In a sense, babies are easy to photograph. They’re too young to be aware of what a photograph is, so they can’t react to the idea of being photographed. Being “camera-shy” comes later. It’s a good idea to avoid using the flash when taking pictures of newborns, since it’s not known how much the bright light might disturb them. Work by available light. Indoors, during the day, have a parent hold the infant near a window without placing the child in direct sunlight, which will be too harsh. Take photos up close of just the cradled infant, and also take some pictures from a greater distance showing the child and the proud parent.

Be very careful with infants. Don’t prop them up or leave them unattended on a table while trying to take a photograph – even for a second. The safety of the young child must always be paramount. Also, be aware a person holding a camera in front of his or her face can frighten a small child. Put the camera down every 30 seconds or so, and talk to the subject to offer reassurance.  


When children get a little older and have seen photographs of themselves and others, they start to be a little more self-conscious. Some will become shy of the camera, while others will ham it up and play to the camera. Both reactions make it difficult to get a true portrait of the subject. This is the age when getting good photographs becomes tougher, and for most subjects, that challenge will last through the teenage years when self-consciousness often peaks. 

Try to take candid photos of kids when they’re immersed in some activity, so they’re unaware of your presence. Use a fast shutter speed to freeze action, and don’t ask them to pose. It’s possible to interrupt an activity and say, “Look at me for a second,” or “Hey, look this way,” when the child is in the midst of an activity, but don’t ask them, or expect them, to hold a pose.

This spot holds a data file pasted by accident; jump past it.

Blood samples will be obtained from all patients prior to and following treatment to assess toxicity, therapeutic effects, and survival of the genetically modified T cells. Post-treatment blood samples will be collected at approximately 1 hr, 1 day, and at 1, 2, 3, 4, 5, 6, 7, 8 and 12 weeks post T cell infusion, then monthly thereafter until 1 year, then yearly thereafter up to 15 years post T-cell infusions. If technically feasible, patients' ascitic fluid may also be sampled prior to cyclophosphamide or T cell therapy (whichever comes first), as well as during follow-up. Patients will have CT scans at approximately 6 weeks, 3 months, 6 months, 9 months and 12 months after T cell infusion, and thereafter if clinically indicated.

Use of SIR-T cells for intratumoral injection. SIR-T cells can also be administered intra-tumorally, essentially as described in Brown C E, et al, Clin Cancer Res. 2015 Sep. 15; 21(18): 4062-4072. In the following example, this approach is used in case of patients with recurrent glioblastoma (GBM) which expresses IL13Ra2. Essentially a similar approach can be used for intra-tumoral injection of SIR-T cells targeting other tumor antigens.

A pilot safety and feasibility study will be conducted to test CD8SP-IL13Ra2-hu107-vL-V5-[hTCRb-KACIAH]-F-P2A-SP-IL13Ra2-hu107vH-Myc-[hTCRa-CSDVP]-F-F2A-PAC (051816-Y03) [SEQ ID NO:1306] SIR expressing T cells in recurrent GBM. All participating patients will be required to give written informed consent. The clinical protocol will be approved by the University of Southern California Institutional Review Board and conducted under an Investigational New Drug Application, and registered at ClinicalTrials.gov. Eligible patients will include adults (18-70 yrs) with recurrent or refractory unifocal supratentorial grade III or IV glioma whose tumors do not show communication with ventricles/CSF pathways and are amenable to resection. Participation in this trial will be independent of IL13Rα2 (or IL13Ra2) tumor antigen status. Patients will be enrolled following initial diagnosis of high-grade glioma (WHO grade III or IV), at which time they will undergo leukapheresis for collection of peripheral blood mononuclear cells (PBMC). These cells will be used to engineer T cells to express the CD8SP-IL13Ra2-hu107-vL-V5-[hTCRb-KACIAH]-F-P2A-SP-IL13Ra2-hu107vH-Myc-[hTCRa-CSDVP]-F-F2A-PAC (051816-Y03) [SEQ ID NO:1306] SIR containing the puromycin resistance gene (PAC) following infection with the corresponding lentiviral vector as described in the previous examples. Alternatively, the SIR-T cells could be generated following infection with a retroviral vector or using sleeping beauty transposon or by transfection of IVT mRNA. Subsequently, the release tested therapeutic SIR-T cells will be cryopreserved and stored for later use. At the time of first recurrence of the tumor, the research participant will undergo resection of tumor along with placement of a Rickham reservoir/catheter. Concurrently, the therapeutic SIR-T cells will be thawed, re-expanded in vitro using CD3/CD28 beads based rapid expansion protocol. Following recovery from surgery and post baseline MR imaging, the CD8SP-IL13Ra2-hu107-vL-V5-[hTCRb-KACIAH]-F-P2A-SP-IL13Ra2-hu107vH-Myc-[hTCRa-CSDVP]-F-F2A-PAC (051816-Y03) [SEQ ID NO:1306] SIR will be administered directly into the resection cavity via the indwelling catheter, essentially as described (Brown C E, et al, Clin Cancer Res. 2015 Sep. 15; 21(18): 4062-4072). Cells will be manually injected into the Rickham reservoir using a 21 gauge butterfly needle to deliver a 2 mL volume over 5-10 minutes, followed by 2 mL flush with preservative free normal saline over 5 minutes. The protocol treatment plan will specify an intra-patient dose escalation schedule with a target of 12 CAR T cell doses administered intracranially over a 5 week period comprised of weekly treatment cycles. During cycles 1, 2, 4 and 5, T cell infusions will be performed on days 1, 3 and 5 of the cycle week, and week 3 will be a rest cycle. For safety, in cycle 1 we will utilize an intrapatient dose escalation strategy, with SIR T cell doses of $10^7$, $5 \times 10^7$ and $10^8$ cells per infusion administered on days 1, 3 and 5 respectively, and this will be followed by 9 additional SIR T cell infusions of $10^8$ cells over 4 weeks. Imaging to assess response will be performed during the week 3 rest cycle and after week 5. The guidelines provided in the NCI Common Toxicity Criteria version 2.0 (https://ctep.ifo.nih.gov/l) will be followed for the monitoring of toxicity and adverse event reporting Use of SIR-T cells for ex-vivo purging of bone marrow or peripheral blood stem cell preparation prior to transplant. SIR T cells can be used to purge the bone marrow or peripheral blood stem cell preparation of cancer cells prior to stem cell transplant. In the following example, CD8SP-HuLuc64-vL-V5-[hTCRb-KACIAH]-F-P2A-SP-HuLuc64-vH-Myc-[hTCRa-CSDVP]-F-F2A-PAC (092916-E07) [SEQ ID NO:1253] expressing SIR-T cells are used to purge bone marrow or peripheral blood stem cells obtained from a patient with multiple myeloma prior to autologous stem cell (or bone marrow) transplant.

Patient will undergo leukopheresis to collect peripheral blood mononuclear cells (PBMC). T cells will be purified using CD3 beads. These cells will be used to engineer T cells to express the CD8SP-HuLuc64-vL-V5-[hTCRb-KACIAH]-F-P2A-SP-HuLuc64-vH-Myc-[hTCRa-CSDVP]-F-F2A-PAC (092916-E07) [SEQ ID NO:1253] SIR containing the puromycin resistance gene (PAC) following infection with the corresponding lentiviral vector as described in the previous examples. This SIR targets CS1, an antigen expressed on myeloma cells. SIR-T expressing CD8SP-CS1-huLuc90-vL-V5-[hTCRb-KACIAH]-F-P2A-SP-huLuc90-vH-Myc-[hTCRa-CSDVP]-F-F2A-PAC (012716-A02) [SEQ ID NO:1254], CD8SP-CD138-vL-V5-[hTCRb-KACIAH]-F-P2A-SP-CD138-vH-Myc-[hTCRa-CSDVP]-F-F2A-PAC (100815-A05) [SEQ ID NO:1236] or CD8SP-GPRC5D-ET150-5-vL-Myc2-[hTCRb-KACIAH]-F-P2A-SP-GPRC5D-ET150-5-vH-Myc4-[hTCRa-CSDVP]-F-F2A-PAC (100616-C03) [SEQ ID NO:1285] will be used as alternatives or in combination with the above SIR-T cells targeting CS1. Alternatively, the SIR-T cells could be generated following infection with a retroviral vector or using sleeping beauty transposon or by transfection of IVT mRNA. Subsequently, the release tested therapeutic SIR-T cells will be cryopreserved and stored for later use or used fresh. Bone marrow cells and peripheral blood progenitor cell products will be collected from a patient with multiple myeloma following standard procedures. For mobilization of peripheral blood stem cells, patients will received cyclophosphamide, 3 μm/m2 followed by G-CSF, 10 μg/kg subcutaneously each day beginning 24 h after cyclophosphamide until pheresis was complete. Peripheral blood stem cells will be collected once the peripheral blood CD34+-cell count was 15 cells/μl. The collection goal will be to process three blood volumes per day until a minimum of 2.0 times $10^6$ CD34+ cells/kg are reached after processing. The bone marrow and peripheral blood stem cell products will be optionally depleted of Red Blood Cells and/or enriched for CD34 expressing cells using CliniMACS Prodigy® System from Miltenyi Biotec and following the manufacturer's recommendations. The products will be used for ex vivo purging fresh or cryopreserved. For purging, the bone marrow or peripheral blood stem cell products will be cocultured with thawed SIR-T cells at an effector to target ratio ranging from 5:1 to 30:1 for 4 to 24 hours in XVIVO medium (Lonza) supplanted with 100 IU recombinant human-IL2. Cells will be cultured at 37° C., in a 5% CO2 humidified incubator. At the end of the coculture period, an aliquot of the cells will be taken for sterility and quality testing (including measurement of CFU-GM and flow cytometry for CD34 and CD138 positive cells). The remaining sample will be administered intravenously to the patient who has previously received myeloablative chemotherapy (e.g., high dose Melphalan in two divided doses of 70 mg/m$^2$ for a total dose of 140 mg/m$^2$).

Another thing to remember about children in the 3- to 10-year-old range is they are curious. Take advantage of that. When taking a photo of a group of three or more, the best way to make them all look at the camera is not by asking them to do so, but rather by asking them a question. After the photographer gets the family, soccer team, or birthday party attendees posed, just ask, “Can you guess what’s in here?” A paper bag with half a dozen hard candies (beans, coins, or pasta bits) will make a nice rattle when it comes from behind the photographer’s back and is given a few shakes adjacent to the camera lens. Even the most determined youngster will have to take a look. If you use hard candies, distribute them after the photo is taken as a reward for the cooperative bunch you’ve assembled.

Perhaps the single most common mistake family photographers make when taking pictures of kids is taking the photo from too high an angle. Get down low for the most effective camera angle. Taking the photograph from a high elevation means we’re looking down at the child. From a low angle, the child looks more imposing in the scene, and that’s always a good thing. For a toddler’s first steps, the lower the camera is, the more exciting the photograph will be.

As with all photographs, try to get in close to the subject, avoid distracting backgrounds, and watch out for clutter anywhere in the photograph. With a little work and a digital camera that allows you to take lots of pictures, you’ll be able to capture great pictures of kids of all ages, suitable for display or gifts for proud parents, aunts, uncles, and grandparents.

Prepared by New York Institute of Photography. For more tips visit www.nyip.com